URES has already proved totally transformative for Burnley’s rivers, and it’s now been selected from more than 750 entries as a finalist for ‘Best Environment Project’ in the 2014 National Lottery Awards – an annual search for the UK’s favourite HLF projects, and a celebration of the massive benefits these projects can bring.

In addition to lots of publicity and recognition for a great cause, each winning project also receives an extra £2,000 of funding to deliver even better results (not to mention a night out for some of the key personnel at a star-studded awards ceremony!). In Burnley’s case, as Vic Woods from URES told us a couple of days ago:

Winning this award will help us to celebrate Burnley’s rich heritage with the nation, raise awareness of issues affecting rivers and show other towns how they can improve their urban rivers too. We really hope people across the North West and throughout the UK will get behind this innovative project and give us their vote.

In order to win ‘Best Environment Project’ and help give urban river restoration a real boost in the eyes of the general public, it’s estimated that URES needs (a slightly staggering) 30,000 votes before midnight on 23 July 2014. Please click here to add your vote right now!

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Pocket Guide to Balsam Bashing: Signed copies now available in the Urbantrout shop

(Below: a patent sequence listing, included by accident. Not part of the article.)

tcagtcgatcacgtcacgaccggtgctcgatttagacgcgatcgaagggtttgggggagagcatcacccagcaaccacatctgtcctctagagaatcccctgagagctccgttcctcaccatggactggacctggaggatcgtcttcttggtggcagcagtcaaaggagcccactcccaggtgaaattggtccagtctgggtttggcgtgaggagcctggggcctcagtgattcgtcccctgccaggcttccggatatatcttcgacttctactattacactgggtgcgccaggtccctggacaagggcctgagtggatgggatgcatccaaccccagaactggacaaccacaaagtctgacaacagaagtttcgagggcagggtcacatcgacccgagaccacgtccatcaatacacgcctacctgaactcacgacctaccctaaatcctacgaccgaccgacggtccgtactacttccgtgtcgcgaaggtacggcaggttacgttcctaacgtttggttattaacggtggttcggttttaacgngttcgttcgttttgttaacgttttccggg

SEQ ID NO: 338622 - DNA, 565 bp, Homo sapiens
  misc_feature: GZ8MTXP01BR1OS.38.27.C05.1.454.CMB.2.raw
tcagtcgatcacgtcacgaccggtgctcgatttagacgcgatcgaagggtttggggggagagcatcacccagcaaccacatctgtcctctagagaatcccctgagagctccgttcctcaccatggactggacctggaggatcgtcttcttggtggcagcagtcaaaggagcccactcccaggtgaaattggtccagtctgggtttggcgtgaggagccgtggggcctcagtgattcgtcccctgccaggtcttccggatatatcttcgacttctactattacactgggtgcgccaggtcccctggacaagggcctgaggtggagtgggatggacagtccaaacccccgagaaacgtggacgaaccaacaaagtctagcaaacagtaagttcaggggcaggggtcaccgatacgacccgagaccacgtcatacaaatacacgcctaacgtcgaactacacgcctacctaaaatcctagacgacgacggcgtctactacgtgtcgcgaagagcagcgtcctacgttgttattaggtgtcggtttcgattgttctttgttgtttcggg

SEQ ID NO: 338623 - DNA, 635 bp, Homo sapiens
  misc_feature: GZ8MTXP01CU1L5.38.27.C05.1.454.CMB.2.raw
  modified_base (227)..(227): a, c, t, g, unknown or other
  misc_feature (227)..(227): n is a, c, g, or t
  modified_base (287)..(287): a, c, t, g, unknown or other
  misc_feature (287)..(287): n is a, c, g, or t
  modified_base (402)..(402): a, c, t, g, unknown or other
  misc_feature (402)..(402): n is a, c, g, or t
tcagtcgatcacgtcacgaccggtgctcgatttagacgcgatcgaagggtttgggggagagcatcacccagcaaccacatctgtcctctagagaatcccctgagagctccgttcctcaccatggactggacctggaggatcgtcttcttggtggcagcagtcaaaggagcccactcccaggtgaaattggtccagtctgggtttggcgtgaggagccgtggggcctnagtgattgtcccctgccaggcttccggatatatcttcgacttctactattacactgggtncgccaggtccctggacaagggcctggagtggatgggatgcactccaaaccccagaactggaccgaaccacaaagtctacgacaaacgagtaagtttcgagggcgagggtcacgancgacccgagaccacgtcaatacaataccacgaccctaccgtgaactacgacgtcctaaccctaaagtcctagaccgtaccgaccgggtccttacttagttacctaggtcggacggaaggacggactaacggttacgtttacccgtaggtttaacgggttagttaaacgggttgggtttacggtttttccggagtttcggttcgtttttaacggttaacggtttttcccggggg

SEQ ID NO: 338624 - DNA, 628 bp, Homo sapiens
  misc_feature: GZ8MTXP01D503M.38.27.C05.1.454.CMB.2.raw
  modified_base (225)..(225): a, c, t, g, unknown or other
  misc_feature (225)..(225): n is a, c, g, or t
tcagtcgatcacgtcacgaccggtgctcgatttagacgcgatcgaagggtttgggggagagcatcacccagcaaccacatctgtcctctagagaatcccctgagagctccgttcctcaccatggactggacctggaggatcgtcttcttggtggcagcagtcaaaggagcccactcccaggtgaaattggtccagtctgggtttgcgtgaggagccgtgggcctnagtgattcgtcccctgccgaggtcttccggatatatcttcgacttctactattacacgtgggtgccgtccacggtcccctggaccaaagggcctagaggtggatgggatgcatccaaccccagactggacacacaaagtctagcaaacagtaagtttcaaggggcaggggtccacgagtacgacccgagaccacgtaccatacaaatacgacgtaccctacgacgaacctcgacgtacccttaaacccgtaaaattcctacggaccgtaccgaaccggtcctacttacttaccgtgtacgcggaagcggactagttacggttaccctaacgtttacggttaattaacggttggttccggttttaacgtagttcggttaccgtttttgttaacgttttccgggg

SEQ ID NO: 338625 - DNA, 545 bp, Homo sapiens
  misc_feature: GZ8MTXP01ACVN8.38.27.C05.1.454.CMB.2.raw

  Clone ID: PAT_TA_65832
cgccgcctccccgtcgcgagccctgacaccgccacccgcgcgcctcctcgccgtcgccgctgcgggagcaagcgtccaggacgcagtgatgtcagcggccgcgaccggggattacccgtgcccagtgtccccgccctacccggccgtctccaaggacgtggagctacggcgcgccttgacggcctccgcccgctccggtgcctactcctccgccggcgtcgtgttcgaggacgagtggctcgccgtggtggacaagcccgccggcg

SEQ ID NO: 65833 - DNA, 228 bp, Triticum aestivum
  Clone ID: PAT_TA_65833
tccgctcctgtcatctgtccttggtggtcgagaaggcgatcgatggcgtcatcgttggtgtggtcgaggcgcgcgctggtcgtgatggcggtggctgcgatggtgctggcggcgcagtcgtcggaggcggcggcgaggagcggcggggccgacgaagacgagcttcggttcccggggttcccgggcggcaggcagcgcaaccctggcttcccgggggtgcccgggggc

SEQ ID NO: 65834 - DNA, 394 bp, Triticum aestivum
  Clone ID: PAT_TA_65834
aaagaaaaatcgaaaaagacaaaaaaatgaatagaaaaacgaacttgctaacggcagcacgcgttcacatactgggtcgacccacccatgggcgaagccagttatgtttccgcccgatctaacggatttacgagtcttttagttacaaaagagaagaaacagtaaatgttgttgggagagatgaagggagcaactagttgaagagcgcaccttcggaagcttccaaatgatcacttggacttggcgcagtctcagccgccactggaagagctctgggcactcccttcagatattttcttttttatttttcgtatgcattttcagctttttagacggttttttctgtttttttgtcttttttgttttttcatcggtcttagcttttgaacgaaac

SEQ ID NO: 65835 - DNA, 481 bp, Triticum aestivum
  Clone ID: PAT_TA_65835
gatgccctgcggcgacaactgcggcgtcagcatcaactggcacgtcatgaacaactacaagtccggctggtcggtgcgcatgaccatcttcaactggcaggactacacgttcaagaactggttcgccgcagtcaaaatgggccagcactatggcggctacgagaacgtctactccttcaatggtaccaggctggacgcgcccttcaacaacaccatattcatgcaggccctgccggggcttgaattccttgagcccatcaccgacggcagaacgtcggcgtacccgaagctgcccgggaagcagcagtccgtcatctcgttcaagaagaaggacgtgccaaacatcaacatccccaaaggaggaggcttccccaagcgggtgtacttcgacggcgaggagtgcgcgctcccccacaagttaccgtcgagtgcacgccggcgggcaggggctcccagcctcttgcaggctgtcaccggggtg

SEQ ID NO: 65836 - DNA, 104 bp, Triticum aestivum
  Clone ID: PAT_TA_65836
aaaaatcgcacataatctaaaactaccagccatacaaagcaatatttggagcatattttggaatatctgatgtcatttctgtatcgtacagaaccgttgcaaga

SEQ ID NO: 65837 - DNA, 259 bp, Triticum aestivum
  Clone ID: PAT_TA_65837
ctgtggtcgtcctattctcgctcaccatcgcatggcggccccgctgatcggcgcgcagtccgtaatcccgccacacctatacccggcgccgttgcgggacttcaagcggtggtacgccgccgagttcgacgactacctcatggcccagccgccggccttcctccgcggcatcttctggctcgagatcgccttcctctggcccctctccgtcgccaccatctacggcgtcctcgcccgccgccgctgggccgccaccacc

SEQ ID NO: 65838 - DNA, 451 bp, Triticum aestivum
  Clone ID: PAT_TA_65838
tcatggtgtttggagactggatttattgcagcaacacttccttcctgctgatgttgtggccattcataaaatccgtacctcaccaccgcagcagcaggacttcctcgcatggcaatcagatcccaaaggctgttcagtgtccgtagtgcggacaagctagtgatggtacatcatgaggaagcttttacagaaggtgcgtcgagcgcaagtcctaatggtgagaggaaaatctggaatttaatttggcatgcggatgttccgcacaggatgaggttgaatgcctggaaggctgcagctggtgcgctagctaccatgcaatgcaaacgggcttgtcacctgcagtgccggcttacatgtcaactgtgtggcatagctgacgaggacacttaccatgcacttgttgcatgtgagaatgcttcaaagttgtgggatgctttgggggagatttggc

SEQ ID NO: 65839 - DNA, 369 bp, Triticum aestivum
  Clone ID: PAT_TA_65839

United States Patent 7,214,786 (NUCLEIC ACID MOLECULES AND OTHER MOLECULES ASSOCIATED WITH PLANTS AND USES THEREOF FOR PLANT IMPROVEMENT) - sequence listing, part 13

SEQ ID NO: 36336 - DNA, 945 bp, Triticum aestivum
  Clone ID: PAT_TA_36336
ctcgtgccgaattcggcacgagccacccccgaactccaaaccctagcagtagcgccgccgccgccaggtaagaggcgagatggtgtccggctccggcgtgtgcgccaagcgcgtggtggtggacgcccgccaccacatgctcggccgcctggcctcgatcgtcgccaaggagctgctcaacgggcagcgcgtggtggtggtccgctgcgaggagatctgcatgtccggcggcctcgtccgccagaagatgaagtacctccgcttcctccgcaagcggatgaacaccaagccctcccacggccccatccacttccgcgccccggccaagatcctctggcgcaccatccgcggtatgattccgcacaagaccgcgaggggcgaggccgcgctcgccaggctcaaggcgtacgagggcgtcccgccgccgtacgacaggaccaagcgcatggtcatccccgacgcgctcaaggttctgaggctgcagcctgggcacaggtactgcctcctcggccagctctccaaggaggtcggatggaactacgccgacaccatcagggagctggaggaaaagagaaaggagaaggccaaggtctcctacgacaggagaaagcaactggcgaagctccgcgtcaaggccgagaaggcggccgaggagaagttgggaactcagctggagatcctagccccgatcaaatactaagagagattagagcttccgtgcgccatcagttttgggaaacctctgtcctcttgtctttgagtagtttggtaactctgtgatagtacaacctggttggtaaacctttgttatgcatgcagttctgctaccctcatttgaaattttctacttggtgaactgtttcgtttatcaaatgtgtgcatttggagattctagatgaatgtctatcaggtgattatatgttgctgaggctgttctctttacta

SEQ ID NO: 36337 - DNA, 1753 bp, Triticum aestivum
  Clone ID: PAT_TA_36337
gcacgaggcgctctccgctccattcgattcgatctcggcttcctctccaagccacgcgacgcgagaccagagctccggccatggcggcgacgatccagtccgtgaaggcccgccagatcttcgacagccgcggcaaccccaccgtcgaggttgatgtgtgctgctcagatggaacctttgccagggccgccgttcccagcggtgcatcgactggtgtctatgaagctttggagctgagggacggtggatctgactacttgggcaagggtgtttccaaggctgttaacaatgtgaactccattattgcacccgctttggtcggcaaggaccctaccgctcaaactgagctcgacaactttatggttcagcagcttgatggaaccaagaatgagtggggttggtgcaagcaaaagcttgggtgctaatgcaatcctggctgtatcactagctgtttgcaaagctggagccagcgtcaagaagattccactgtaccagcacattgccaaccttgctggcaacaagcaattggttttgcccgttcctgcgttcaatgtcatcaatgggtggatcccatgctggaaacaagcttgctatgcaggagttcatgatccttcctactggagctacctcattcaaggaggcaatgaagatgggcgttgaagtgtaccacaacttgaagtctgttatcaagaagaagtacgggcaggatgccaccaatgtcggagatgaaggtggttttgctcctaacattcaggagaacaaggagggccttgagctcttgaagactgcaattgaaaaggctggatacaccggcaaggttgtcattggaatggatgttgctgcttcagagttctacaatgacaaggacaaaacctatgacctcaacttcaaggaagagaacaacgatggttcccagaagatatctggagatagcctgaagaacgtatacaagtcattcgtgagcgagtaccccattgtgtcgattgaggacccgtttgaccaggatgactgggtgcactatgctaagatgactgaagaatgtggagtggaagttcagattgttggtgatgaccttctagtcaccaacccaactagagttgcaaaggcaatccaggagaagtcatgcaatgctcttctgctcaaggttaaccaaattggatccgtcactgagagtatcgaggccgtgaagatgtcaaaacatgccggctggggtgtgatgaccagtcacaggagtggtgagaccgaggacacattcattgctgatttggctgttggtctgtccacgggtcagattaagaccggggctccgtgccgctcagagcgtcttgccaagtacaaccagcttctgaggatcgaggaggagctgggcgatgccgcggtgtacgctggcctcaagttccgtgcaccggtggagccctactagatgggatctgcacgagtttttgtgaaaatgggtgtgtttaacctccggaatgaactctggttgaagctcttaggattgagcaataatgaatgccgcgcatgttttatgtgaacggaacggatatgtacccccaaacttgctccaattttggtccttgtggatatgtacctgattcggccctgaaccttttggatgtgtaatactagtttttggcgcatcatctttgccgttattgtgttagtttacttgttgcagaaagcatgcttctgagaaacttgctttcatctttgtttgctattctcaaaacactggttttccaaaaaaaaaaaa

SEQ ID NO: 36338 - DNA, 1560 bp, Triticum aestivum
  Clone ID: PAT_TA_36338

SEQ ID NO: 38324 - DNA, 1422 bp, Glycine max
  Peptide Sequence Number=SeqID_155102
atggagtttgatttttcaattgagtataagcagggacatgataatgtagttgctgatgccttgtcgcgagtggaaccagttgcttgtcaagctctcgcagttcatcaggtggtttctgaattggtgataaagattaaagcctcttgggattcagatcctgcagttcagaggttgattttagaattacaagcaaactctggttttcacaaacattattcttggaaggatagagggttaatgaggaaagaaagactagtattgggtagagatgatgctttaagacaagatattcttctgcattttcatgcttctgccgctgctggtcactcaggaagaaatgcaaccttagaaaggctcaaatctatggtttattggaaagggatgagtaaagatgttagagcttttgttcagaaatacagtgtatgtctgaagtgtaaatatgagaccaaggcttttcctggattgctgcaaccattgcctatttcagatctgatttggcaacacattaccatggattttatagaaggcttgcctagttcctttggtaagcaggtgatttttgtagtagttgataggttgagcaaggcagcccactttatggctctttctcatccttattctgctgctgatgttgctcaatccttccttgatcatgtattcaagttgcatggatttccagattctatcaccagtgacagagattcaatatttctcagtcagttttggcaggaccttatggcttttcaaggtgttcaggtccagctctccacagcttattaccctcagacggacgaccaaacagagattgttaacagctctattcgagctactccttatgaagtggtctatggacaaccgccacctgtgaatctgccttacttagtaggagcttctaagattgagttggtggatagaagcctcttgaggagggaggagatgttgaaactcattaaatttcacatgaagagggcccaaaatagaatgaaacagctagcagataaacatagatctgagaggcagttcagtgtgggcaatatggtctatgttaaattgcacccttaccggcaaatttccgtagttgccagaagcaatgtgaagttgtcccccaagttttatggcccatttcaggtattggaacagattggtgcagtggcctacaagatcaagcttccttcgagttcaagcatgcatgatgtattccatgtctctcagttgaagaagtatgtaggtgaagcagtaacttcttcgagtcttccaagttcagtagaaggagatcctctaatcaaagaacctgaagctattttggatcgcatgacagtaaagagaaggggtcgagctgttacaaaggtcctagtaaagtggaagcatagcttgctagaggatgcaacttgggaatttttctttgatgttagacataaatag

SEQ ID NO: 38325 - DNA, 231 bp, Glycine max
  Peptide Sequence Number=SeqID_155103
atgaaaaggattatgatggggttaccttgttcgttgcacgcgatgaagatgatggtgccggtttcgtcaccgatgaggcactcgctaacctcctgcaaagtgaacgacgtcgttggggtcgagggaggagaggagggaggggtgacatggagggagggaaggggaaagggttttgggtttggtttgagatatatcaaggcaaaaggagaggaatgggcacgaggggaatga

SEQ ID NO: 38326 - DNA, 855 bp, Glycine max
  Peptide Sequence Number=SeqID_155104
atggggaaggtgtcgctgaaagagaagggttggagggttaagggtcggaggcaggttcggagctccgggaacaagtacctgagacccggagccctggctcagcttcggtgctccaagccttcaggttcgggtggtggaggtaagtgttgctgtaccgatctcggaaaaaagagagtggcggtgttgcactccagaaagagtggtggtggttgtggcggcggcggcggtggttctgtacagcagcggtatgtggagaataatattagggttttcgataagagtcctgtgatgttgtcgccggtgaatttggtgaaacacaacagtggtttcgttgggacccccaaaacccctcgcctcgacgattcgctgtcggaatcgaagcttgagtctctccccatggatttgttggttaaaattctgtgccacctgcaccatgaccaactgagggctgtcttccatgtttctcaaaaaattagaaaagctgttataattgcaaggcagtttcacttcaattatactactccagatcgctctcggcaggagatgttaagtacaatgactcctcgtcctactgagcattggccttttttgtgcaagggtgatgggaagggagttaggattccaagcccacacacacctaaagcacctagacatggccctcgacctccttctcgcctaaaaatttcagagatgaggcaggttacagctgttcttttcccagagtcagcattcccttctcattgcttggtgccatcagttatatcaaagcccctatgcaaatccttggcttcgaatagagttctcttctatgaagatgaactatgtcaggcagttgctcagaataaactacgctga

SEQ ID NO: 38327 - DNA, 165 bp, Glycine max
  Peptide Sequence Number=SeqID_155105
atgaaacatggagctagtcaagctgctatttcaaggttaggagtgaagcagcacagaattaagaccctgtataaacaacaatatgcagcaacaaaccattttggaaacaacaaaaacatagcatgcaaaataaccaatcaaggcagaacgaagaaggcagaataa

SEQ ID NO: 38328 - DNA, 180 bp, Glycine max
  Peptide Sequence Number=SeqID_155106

Pocket Guide to Balsam Bashing 2

Just a heads up to let our readers know that signed copies of the newly-published Pocket Guide to Balsam Bashing are now available from the Urbantrout online store (along with lots of other great eco-branded merchandise!)

Here’s how Andrew Herd, eminent author of The Fly and many other definitive works, recently reviewed Balsam Bashing:

If ever a book was needed, this one surely must qualify and in its 96 pages the author covers everything from Himalayan balsam to signal crayfish. Each species has its own identification guide, risk evaluation, advice about how to control it, as well as sources of further information. I will warn you in advance that the contents are pretty alarming, but hopefully the publication of this excellent little guide will act as a wake-up call… A milestone of a book…